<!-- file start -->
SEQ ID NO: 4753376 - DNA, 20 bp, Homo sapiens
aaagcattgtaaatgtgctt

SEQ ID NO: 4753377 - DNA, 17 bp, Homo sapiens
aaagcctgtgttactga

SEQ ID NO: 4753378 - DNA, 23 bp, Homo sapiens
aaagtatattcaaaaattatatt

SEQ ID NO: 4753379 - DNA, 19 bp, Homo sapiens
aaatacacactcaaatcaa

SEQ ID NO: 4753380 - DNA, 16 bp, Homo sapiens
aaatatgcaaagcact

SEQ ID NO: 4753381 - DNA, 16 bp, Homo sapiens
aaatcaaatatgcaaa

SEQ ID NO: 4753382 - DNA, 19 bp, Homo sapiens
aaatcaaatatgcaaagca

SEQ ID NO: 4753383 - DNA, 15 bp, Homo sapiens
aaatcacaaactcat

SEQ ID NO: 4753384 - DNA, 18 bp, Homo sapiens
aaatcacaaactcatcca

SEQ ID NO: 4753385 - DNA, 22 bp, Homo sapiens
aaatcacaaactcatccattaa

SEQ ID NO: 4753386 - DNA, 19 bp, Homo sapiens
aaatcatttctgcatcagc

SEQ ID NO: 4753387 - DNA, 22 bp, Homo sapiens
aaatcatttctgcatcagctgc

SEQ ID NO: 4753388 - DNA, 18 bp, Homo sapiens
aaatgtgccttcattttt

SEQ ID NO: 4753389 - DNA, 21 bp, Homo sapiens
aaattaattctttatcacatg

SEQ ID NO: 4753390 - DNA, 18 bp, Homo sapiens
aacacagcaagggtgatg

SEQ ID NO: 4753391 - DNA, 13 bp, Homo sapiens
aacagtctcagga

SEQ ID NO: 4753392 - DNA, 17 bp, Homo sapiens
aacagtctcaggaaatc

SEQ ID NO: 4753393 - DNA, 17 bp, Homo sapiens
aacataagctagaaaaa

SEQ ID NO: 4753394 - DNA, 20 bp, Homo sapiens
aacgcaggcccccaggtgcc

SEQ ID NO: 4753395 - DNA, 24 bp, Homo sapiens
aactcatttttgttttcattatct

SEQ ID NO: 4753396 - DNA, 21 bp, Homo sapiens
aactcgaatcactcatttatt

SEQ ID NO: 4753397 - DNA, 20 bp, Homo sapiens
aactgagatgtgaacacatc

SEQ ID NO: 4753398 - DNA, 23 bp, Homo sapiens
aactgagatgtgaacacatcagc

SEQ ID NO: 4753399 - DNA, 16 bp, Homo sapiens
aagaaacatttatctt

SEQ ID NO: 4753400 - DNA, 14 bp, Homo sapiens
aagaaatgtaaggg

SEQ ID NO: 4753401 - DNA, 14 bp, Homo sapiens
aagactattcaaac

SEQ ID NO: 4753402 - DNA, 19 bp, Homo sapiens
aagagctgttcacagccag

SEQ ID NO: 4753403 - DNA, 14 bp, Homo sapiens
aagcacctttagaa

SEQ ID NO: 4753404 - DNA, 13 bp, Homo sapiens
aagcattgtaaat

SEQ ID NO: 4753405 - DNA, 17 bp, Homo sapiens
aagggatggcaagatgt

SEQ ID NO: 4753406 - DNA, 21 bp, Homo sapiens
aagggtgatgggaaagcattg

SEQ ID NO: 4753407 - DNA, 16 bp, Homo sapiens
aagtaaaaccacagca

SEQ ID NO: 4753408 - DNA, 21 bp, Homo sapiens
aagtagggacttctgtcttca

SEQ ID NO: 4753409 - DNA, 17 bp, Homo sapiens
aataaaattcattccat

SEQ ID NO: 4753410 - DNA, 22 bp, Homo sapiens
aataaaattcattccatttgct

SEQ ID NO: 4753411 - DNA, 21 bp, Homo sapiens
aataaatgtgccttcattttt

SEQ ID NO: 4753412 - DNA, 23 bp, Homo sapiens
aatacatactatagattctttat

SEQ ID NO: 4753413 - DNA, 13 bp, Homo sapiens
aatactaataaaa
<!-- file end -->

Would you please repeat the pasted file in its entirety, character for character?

SEQ ID NO: 4753376 - DNA, 20 bp, Homo sapiens
aaagcattgtaaatgtgctt

SEQ ID NO: 4753377 - DNA, 17 bp, Homo sapiens
aaagcctgtgttactga

SEQ ID NO: 4753378 - DNA, 23 bp, Homo sapiens
aaagtatattcaaaaattatatt

SEQ ID NO: 4753379 - DNA, 19 bp, Homo sapiens
aaatacacactcaaatcaa

SEQ ID NO: 4753380 - DNA, 16 bp, Homo sapiens
aaatatgcaaagcact

SEQ ID NO: 4753381 - DNA, 16 bp, Homo sapiens
aaatcaaatatgcaaa

SEQ ID NO: 4753382 - DNA, 19 bp, Homo sapiens
aaatcaaatatgcaaagca

SEQ ID NO: 4753383 - DNA, 15 bp, Homo sapiens
aaatcacaaactcat

SEQ ID NO: 4753384 - DNA, 18 bp, Homo sapiens
aaatcacaaactcatcca

SEQ ID NO: 4753385 - DNA, 22 bp, Homo sapiens
aaatcacaaactcatccattaa

SEQ ID NO: 4753386 - DNA, 19 bp, Homo sapiens
aaatcatttctgcatcagc

SEQ ID NO: 4753387 - DNA, 22 bp, Homo sapiens
aaatcatttctgcatcagctgc

SEQ ID NO: 4753388 - DNA, 18 bp, Homo sapiens
aaatgtgccttcattttt

SEQ ID NO: 4753389 - DNA, 21 bp, Homo sapiens
aaattaattctttatcacatg

SEQ ID NO: 4753390 - DNA, 18 bp, Homo sapiens
aacacagcaagggtgatg

SEQ ID NO: 4753391 - DNA, 13 bp, Homo sapiens
aacagtctcagga

SEQ ID NO: 4753392 - DNA, 17 bp, Homo sapiens
aacagtctcaggaaatc

SEQ ID NO: 4753393 - DNA, 17 bp, Homo sapiens
aacataagctagaaaaa

SEQ ID NO: 4753394 - DNA, 20 bp, Homo sapiens
aacgcaggcccccaggtgcc

SEQ ID NO: 4753395 - DNA, 24 bp, Homo sapiens
aactcatttttgttttcattatct

SEQ ID NO: 4753396 - DNA, 21 bp, Homo sapiens
aactcgaatcactcatttatt

SEQ ID NO: 4753397 - DNA, 20 bp, Homo sapiens
aactgagatgtgaacacatc

SEQ ID NO: 4753398 - DNA, 23 bp, Homo sapiens
aactgagatgtgaacacatcagc

SEQ ID NO: 4753399 - DNA, 16 bp, Homo sapiens
aagaaacatttatctt

SEQ ID NO: 4753400 - DNA, 14 bp, Homo sapiens
aagaaatgtaaggg

SEQ ID NO: 4753401 - DNA, 14 bp, Homo sapiens
aagactattcaaac

SEQ ID NO: 4753402 - DNA, 19 bp, Homo sapiens
aagagctgttcacagccag

SEQ ID NO: 4753403 - DNA, 14 bp, Homo sapiens
aagcacctttagaa

SEQ ID NO: 4753404 - DNA, 13 bp, Homo sapiens
aagcattgtaaat

SEQ ID NO: 4753405 - DNA, 17 bp, Homo sapiens
aagggatggcaagatgt

SEQ ID NO: 4753406 - DNA, 21 bp, Homo sapiens
aagggtgatgggaaagcattg

SEQ ID NO: 4753407 - DNA, 16 bp, Homo sapiens
aagtaaaaccacagca

SEQ ID NO: 4753408 - DNA, 21 bp, Homo sapiens
aagtagggacttctgtcttca

SEQ ID NO: 4753409 - DNA, 17 bp, Homo sapiens
aataaaattcattccat

SEQ ID NO: 4753410 - DNA, 22 bp, Homo sapiens
aataaaattcattccatttgct

SEQ ID NO: 4753411 - DNA, 21 bp, Homo sapiens
aataaatgtgccttcattttt

SEQ ID NO: 4753412 - DNA, 23 bp, Homo sapiens
aatacatactatagattctttat

SEQ ID NO: 4753413 - DNA, 13 bp, Homo sapiens
aatactaataaaa